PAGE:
14,018' Tyndall is super long. Ups and downs a couple times. There is no access up the Williamson Creek drainage, so you have to follow the Shepards Pass Trailhead. Moynier's guide book says 7500' gain, but we count at least 9000' to actually do the tour with the "Superbowl" descent. I don't think the superbowl pictured in the guide book is correctly shown.
This ski is above the town of Independence as well. Bring a big cooler, not much going on there for eats.
getting psyched for an early start. Ended up taking a little over 8 hours to get to the summit, and 4 hours to get back to the car from there. I got lost for a short time on the way back, but we didn't waste much time being only 2 people. Don't do this tour in a day if you have a big group. Williamson is the peak on the left, and Tyndall is in the center...with Superbowl just to the right. Both are 14'ers, so this shot shows how Tyndall is set back quite a bit. John's done Williamson, and says it's just as long however. The hiking trail to the summit is 30 miles roundtrip. Usually skiing is considerably less, but I bet this tour is well over 20 on skis.
You can see the peak from the town of Independence. It's well back of "Superbowl", the 4000' bowl/gully network shown with arrows here. Shepards Pass actually has you going around the bowl. Longer miles, but not as steep. A beautiful loop tour. Totally worthy even if you only ski the bowl.
Hiked on dirt starting at the trailhead of 6400'. After a few miles on dirt, we skinned up snow in the Symmes Creek Drainage to 9100'. You're traversing across 2 drainages bascially along the Shepards Pass summer trail.
At 9100', you get a great view of Superbowl (right), and the north side of 14,375' Mt. Williamson (left)
The trail descends 500', and then traverses up the right side of the canyon in this photo. Shepards Pass is the low spot on the skyline in the center.
12,000' Shepards Pass. The trail hugs high on the side of the drainage.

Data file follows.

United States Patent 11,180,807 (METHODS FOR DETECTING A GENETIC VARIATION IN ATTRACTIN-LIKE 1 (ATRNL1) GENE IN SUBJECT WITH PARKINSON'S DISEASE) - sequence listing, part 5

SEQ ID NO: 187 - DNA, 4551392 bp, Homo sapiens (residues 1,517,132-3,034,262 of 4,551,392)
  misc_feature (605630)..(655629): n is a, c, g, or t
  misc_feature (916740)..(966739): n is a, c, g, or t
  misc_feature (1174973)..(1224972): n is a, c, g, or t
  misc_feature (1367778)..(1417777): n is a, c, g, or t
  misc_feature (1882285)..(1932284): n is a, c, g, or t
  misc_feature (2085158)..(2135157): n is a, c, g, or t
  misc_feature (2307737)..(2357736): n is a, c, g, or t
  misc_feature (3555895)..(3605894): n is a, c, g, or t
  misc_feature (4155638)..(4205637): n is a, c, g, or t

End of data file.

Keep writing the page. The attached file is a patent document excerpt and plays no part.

John is a spec in the bowl somewhere, climbing up to the pass. I'm fighting to get my sun screen and gu to really start working at this point.
I'm beat by the time I reach the pass, and of course John is again a small spec way out in the path I'm still heading. I was expecting the peak to be somewhat near the pass. It took me an hour to get to the base, which is another 2000' up.
John on the summit boulder, a totally overhanging rock that doesn't seem like it should be attached. I didn't look too closely at how it's attached. Anyway, many top climbers work a lot harder to get on top of this thing. Mt Williamson's northwest side on the background.
Looking south from the summit. Mt. Whitney is the big guy out there.
Snow was excellent on this north facing slope. Not quite powder, but close. Light jump turns made it feel like powder, as the wind had just gotten to it a bit. A great pitch.
To reach the entrance for the Superbowl descent, we had a long, low angle 600' climb to a highpoint for optimal launch down Superbowl. John standing at the edge.
Awsome corn snow. Not another track anywhere all day long. This is only the top 3rd of this section. It wrapped around to the left, and then left us with fun narrow gullies down to Williamson Creek.
Excellent corn even at the bottom of Superbowl, at about 8500'. Next is the hot climb on trail back over to the Symmes Drainage.
starting to wonder what's for dinner, more than where I'm going at this point.
popping over the last ridge late in the day with very high wet slide danger. Snow crystals totally let go, and you could drop the basket of your pole straight to the ground - like there wasn't even snow there. Still a long descent back, so we skied an old avy debris sliver right to the dirt trail. Very close to our hiking shoes actually. John went and got those, as I clawed my way up to the trail, happy to finally be off snow.